13. russell_s82

    Associate

    Joined: 23 Aug 2019

    Posts: 5

    For completeness, and because someone asked me directly, here's my parts list:

    SCREWFIX:
    • 1 x Easyfix Steel Large Flat Washers M5 x 1.2mm 100 Pack (871FT)£2.99
    • 1 x Easyfix Roofing Bolts M5 x 20mm 10 Pack (3442J)£1.09
    • 1 x Easyfix Roofing Bolts M5 x 30mm 10 Pack (6194J)£1.59
    • 3 x Alfer Anodised Aluminium Equal Angle 1000 x 15 x 15mm (3085P)£11.97 **NOTE: I recommend NOT using this. I recommend part 8361P instead**
    • 4 x Alfer Raw Aluminium U-Profile 1000 x 19.5 x 11.5mm (1370P)£23.96 **NOTE: You could make do with just 2 U-plates to save cost, HOWEVER if you do, test the shorter length with some scrap metal/wood/etc connecting the top and bottom 1000mm L-plates BEFORE cutting the final L-plate (to make the left/right sides) because 1) the shorter length may be less stable, i.e. prone to flipping over, and 2) once you cut the L-plate it's a lot harder to uncut, unless you are a welder**
    TOOLSTATION:
    • 1 x Wooden Broom Handle 5' x 1 1/8" (30010)£1.98
    EBAY:
     
  14. Participant

    Caporegime

    Joined: 13 May 2003

    Posts: 32,151

    Location: Warwickshire

    That's great thanks so much for this.

    I didn't buy the eBay lute in the end and have been procrastinating about it for this season's lawn care.
     
    Last edited: 4 Sep 2019
  15. Participant

    Caporegime

    Joined: 13 May 2003

    Posts: 32,151

    Location: Warwickshire

    @russell_s82

    Do you mind providing a close up of how you attached the angles to each other, from above and below please? I can't work out how you made the angles flat with the ground when there are presumably nuts protruding from the bottom?
     
  16. Codejam

    Associate

    Joined: 8 Oct 2019

    Posts: 1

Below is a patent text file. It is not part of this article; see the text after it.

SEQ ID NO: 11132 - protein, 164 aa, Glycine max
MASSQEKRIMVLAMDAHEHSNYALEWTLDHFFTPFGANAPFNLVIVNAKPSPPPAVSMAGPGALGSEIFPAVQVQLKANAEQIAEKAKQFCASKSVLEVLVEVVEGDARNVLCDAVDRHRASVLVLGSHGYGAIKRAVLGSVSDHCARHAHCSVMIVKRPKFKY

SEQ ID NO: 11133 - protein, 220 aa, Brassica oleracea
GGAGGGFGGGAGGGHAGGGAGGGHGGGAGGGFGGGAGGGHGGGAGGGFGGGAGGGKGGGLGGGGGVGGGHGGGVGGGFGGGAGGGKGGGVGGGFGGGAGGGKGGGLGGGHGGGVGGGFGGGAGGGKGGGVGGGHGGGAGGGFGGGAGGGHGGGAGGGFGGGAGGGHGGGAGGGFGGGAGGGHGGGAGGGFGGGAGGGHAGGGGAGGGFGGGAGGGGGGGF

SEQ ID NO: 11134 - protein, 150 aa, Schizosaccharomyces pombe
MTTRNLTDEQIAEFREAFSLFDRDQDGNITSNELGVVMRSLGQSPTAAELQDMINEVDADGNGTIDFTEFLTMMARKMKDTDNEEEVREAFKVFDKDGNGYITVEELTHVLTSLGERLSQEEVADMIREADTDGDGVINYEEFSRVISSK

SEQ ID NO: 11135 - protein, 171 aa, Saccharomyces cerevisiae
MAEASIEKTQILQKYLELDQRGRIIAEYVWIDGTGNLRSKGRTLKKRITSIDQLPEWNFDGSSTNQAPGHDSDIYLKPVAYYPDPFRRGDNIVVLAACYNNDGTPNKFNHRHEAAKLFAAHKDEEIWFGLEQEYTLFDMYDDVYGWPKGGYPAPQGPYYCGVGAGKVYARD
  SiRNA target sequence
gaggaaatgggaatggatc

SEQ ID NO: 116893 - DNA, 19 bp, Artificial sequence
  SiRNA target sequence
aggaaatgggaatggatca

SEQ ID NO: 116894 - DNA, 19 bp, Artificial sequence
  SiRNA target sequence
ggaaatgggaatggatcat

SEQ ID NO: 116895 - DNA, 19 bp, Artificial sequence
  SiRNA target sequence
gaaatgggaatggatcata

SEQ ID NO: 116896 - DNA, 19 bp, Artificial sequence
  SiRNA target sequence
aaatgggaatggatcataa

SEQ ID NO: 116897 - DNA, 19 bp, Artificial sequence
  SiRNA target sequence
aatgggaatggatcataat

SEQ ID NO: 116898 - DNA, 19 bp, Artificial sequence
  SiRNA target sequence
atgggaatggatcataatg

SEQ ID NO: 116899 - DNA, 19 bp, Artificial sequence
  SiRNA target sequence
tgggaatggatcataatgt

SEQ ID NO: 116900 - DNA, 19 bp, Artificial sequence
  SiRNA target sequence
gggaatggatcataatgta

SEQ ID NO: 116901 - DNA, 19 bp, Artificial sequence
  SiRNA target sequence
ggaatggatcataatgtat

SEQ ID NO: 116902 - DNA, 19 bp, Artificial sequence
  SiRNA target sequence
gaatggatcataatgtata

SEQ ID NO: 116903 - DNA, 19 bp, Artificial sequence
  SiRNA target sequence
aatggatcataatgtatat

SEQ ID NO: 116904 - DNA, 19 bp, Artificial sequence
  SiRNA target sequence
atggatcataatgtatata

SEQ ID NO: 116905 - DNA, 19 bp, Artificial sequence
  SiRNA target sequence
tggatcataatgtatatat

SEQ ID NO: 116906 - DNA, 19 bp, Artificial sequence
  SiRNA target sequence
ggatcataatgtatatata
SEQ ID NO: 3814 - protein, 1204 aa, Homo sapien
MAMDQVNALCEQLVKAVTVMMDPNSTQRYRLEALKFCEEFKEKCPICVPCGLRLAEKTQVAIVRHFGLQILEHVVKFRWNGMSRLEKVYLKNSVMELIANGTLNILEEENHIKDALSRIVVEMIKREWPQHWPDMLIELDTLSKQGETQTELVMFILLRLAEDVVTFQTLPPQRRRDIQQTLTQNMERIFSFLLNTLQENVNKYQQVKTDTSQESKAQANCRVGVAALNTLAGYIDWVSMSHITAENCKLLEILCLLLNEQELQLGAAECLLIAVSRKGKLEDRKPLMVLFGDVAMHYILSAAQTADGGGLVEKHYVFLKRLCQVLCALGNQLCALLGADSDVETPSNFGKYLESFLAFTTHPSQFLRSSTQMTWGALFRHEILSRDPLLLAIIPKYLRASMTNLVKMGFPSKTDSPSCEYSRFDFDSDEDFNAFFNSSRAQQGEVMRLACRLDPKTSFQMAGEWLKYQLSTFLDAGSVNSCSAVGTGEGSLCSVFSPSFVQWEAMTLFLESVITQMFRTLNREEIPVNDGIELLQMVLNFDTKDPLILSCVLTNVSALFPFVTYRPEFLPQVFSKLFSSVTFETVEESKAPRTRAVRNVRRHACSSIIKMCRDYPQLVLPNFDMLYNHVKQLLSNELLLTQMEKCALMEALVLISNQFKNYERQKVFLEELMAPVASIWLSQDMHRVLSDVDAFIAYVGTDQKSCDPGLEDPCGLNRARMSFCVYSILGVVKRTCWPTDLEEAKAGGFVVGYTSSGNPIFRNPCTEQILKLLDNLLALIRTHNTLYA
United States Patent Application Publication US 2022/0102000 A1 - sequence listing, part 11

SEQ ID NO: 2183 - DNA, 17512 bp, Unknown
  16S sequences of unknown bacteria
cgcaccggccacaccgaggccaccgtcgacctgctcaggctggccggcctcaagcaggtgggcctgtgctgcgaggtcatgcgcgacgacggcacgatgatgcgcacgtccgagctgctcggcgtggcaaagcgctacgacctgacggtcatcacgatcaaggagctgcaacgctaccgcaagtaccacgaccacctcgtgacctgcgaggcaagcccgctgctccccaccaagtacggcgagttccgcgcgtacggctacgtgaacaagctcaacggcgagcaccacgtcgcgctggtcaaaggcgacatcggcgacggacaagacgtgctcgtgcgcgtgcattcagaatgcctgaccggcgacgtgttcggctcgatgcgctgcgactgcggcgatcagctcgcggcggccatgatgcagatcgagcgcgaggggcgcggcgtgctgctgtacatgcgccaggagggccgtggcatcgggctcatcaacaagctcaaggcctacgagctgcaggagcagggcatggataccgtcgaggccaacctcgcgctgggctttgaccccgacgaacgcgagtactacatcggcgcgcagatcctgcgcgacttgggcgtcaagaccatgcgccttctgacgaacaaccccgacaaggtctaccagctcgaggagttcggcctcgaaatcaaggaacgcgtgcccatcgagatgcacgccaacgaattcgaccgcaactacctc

First, thanks @russell_s82 - this is great info.

    I believe the cross plates are laid on top of the angle brackets with the bolts pushed up from underneath. L plates either side, U plates between them (inside the L), bolted from the bottom of the L with the bolt head on the floor.
     
  17. Participant

    Caporegime

    Joined: 13 May 2003

    Posts: 32,151

    Location: Warwickshire

    Cheers.

    In the end I ordered a welded one from pitchcare.com for £150 :o. 2 week lead time on them apparently.
     
  18. Kaz Kassam

    Associate

    Joined: 4 Oct 2019

    Posts: 1

     
  19. Participant

    Caporegime

    Joined: 13 May 2003

    Posts: 32,151

    Location: Warwickshire

    Mine has arrived:

    [​IMG]
    [​IMG]
    [​IMG]
    [​IMG]

    Seems pretty well built (as you'd expect for the utter bending over you get for buying it). Going to give it a run out tomorrow as I have two tonnes of topsoil to get down on the lawns.

    Importantly the slats are level with the frame, i.e. it's all flat where it will contact the soil.
     
  20. Dhutch

    Associate

    Joined: 15 Sep 2005

    Posts: 6

    Good work, I am currently looking and the same thing myself, the lawn is currently not really flat enough to warrant it (ie you could make it a lot better by eye just shoveling it into the hollows) and I am not really aiming for more than a nice family lawn, but you have to start somewhere?

    Currently the same item (35" wide, about 10" deep) is £160 plus £15 delivery. Which is sort of mad money, but also if making it professionally as they are with overheads and wages etc, you couldnt make it for much less
    https://www.pitchcare.com/shop/levellers-and-lutes/levelawns.html?

    Daniel